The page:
Employers who want to establish a drug-free workplace program often find themselves faced with many different federal, State, and local laws. Employers can take several simple and practical steps to help avoid legal problems. The following ten steps are offered by the Division of Workplace Programs (DWP), in the Center for Substance Abuse Prevention, Substance Abuse and Mental Health Services Administration (SAMHSA), U.S. Department of Health and Human Services.

  1. Consult a lawyer whenever you introduce a new drug-free workplace policy or make alternations to an existing policy. The American Bar Association and most State Bar Associations offer free legal referral services that can help you locate a qualified employment lawyer in your area.
  2. Make sure that your drug-free workplace policy clearly stipulates what the penalties for policy violations will be. If your policy includes a drug testing program, spell out exactly who will be tested, when they will be tested, and what will happen to employees who test positive.
  3. Make sure that every one of your employees receives and signs a written copy of your drug-free workplace policy. Verbal agreements and unsigned agreements have little legal standing.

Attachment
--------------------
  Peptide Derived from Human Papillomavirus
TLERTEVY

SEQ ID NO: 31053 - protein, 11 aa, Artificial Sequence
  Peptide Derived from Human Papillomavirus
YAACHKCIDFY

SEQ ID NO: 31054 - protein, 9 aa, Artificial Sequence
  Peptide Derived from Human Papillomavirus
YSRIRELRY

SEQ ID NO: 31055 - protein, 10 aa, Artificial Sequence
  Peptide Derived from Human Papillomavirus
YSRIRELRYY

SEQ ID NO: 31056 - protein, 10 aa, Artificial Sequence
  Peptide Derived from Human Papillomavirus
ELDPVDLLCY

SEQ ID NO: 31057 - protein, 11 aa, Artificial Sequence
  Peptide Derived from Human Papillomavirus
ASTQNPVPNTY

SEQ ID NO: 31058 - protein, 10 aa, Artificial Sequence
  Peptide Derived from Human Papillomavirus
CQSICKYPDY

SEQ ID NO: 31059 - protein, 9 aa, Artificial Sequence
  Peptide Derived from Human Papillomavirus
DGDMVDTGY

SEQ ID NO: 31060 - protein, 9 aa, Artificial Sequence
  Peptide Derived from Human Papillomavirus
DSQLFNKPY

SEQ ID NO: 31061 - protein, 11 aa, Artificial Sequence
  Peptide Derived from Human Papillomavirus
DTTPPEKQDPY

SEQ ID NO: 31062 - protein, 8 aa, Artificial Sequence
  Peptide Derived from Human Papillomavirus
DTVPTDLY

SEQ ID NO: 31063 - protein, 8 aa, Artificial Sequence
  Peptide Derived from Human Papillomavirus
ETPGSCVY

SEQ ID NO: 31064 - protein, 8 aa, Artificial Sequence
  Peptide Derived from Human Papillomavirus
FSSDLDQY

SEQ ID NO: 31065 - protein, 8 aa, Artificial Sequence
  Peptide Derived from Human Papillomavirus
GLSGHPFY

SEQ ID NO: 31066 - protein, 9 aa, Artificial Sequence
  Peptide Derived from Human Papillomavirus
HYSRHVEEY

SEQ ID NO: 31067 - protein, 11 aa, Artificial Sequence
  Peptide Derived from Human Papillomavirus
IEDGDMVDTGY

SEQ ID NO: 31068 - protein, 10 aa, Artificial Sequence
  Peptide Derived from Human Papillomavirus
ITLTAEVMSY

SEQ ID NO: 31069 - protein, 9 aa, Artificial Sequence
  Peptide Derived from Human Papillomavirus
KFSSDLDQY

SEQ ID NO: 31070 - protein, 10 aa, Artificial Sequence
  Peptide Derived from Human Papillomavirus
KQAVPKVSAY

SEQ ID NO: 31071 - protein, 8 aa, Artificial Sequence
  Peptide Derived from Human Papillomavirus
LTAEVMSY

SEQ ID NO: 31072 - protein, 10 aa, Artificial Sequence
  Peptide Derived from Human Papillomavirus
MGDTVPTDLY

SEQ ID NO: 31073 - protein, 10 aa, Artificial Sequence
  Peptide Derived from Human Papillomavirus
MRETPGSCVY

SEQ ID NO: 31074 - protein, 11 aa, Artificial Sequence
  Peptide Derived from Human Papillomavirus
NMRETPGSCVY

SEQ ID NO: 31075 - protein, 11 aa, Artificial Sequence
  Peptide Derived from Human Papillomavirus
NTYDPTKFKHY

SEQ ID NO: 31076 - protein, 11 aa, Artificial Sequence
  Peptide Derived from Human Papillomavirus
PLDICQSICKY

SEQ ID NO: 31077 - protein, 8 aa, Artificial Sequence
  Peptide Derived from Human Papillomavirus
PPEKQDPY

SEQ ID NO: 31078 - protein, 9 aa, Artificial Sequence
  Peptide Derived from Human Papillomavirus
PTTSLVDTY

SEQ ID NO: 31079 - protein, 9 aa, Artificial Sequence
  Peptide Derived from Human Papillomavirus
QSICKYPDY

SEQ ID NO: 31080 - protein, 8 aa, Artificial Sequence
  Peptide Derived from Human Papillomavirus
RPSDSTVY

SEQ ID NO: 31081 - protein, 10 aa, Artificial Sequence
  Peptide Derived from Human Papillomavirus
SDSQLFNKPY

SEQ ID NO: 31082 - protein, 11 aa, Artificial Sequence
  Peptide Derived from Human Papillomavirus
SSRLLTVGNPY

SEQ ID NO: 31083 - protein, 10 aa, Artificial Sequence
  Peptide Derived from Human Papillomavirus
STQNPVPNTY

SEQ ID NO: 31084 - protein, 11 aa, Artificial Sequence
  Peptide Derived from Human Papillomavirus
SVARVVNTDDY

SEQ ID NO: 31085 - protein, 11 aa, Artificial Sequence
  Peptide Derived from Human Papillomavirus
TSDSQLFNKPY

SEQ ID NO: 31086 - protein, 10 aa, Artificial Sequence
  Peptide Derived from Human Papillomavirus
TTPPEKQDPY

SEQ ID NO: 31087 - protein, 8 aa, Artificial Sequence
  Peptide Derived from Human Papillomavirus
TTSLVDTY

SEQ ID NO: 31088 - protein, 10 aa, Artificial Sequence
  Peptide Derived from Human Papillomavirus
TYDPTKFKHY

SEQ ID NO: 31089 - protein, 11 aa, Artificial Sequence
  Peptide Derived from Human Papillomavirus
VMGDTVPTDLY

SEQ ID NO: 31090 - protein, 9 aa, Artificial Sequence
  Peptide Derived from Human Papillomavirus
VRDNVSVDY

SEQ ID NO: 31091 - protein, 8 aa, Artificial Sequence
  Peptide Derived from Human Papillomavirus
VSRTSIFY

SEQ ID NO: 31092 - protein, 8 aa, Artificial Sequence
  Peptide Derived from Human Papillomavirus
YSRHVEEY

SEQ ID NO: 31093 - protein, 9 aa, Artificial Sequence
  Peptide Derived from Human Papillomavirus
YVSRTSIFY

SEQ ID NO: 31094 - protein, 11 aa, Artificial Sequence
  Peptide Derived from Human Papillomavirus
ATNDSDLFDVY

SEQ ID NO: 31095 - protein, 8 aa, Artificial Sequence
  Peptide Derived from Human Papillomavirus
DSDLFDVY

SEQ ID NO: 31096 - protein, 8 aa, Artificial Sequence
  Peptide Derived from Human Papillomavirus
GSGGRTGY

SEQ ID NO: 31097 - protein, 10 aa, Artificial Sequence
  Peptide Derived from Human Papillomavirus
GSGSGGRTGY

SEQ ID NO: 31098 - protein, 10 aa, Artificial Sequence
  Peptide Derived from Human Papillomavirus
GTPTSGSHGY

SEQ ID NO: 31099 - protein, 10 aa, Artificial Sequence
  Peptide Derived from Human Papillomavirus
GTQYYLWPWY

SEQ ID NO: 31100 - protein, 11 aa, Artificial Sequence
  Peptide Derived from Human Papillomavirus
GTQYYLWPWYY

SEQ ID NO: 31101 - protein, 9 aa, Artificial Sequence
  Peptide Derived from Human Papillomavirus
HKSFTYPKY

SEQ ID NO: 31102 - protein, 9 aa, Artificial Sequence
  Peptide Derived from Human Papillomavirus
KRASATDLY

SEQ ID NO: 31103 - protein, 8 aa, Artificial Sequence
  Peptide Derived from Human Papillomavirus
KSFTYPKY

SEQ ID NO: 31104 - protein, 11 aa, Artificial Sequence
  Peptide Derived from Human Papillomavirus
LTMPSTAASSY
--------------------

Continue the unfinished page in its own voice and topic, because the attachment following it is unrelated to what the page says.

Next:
4. Make sure that you, and all your supervisors, receive proper training in how to detect and respond to workplace drug and alcohol abuse.
  5. Maintain detailed and objective records documenting the performance problems of all your employees. Such records often provide a basis for referring workers to employee assistance programs.
  6. Never take disciplinary action against a worker or accuse a worker of a policy violation simply because that employee is acting impaired. Instead, try to clarify the reasons for the employee’s impairment. If drug testing is a part of your workplace policy, obtain a confirmatory test result before taking any action.
  7. Never accuse or confront an employee in front of his or her coworkers. Instead, try to stage all discussions someplace private, with another manager present to serve as a witness.
  8. Never single out an individual employee or particular group of employees, for special treatment—whether it is rehabilitation or punishment. Any inconsistencies in the enforcement of your policy may lead to charges of discrimination.
  9. Try to get to know your employees, as much as possible. This may help you more quickly identify workers who are in trouble or developing substance abuse problems.
  10. Most important, try to involve workers at all levels of your organization in developing and implementing your drug-free workplace policy. This will reduce misunderstandings about the reasons for having a drug-free workplace program and help ensure that your policies and procedures are fair to everyone.

The best way for an employer to avoid legal problems is to hire an employment lawyer to help develop the workplace policy. This will help ensure that the new policy is consistent with all the required State, federal, and local laws, rules, and regulations. Employers should follow these basic steps and strive to create programs that are fair, consistent, and supported by all.

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